pursuing a legal point to such an extent that the public and the media reflect it. The media, Roger
is handicapped here by having too much of a legal education. Most of us in the media who are just
regular folks. What we were looking at, what we were following during all this time was not so
much, certainly, we weren't parceling the equal protection argument, but to cover this was a three-
ring circus, at least a three-ring circus. You had the legal cases going on and you had to try to make
some sense of that. We also had, at the same time, the recount was going on. How that was
proceeding and that may have been the simplest thing for the media to follow. And you had kind of
a sideshow, you had the Seminole County case, and what was behind that Seminole and Martin
County. And we had the Florida Legislature doing what it was doing. So, the world that the media
in general, I think, was covering was broader, and in being broader, to try to make sense of it. Maybe
we were looking for more simplistic answers maybe bumper sticker kinds of solutions there. I
think if there is anything that we would take away from this election in a general sense, it would not
be arguing where the next court cases have to go or what the standards are going to be. It was, to us,
to me anyway, my sense is that this was really about voters, and all of this really turned to some


extent on mechanical problems in the system, but for the most part this was about voter screw ups,
and voters who intended to go and do something and for whatever reason weren't able to do it. And,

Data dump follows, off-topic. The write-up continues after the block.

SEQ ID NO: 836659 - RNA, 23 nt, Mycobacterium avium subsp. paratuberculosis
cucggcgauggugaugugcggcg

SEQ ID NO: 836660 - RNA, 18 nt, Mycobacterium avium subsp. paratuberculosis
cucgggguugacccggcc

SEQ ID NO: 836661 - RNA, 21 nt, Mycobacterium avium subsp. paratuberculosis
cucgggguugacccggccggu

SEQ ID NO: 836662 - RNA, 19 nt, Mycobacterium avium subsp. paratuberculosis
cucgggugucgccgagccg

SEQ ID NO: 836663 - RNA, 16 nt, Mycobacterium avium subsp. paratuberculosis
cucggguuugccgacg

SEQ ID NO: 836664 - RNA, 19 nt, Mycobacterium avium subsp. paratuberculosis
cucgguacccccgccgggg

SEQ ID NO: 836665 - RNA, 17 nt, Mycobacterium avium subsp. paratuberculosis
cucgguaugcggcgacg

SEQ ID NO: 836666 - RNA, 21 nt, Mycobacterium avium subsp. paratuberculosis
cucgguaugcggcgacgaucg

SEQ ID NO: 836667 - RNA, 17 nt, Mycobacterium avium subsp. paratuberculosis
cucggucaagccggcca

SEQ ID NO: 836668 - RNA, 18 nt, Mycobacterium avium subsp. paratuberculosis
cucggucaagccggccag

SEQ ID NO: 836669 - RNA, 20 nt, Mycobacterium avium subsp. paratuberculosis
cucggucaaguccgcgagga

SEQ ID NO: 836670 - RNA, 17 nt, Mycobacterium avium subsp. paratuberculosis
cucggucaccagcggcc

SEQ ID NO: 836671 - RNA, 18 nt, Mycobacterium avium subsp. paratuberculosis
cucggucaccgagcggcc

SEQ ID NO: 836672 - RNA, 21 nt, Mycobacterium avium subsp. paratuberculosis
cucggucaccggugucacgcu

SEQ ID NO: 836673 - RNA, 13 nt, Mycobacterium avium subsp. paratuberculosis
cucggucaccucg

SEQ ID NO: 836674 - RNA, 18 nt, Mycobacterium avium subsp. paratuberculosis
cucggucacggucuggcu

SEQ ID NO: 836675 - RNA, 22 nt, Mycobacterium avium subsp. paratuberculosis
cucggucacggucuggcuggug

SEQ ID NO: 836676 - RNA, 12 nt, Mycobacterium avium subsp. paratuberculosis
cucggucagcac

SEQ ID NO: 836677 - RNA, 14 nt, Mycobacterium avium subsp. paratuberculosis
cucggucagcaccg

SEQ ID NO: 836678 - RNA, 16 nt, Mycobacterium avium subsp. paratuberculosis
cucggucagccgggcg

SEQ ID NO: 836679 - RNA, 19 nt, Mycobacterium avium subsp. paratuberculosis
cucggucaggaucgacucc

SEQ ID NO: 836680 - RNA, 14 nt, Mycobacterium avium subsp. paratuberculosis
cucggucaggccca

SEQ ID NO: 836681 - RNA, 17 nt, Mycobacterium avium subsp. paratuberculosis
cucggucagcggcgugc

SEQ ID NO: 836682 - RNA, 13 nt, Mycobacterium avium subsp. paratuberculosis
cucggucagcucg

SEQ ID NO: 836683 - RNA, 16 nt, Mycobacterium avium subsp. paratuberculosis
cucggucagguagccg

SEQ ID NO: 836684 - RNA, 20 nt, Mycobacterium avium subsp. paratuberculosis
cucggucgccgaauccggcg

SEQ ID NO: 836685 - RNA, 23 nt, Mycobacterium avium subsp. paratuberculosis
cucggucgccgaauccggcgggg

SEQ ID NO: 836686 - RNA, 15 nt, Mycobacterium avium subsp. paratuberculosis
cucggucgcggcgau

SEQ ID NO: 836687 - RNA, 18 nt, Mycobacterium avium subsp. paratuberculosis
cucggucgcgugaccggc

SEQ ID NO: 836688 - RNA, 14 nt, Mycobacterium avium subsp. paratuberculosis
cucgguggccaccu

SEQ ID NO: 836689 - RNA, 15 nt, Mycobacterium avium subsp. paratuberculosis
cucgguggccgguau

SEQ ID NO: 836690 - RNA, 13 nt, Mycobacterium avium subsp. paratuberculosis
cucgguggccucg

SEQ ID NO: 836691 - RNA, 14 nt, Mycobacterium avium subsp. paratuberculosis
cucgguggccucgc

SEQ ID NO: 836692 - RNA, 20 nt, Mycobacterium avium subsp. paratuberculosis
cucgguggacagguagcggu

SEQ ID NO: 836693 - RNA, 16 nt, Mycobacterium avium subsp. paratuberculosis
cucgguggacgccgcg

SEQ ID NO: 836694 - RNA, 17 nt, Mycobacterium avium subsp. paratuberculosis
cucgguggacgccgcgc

Joe, I know you made a bit of this in the Supreme Court, but I think to most people out there, trying
to discern what ultimately was behind it, it was that people went in there hoping to do one thing and
because they didn't quite know how the system worked or they had never voted before, the first-time
voters issue, they just flat screwed up the ballot and there isn't really a remedy for that other than
next time around, if you're going to vote and there is language in the Florida Supreme Court,
you've got to treat that process in a much more solemn way than people treated it this time. That's
harsh, and that was something that obviously, the political, the candidates couldn't use. George W.
[Bush] couldn't stand up there and say, "I deserve to win because all these people were too dumb
to vote for Al Gore." That's where, ultimately, we may end up having to solve it.

Klock Then, Tom, the next thing, of course, the big next political issue now before by the
Florida Legislature is how much money do we pay and spend to get what degree of voter inclusion?

Zack There's no question there was a lot of voter screw up, Tom. But there was also
machine malfunction. The only person who ever testified in any courtroom in the country under oath
on behalf the Bush campaign, was Mr. [John] Ahmann [an engineer involved in the development
of the Votomatic voting machine]. Mr. Ahmann said the machines were defective; that's why he
submitted a patent application, that he tried to get a new machine after the machines that he sold to
Dade County and Palm Beach. That we had affidavits from people who tried to punch though the
ballots, they were unable to do so. The machines were designed to do that.

Fiedler I know that, Steve. The point is, if the machines were defective, you would think,
on balance, they are defective for both teams.

Zack Not necessarily because of where the machines were used.

Klock But, Steve...

Zack Wait a second, Joe. The fact of the matter is that the machines, different kinds of
machines, the older machines, the machines with more wear and tear, were in certain areas than in
other areas. I want to go back to the issue of remedy because I think it's one that we need to not
gloss over. I've heard it said that the butterfly ballot, we didn't have a remedy for that. I think one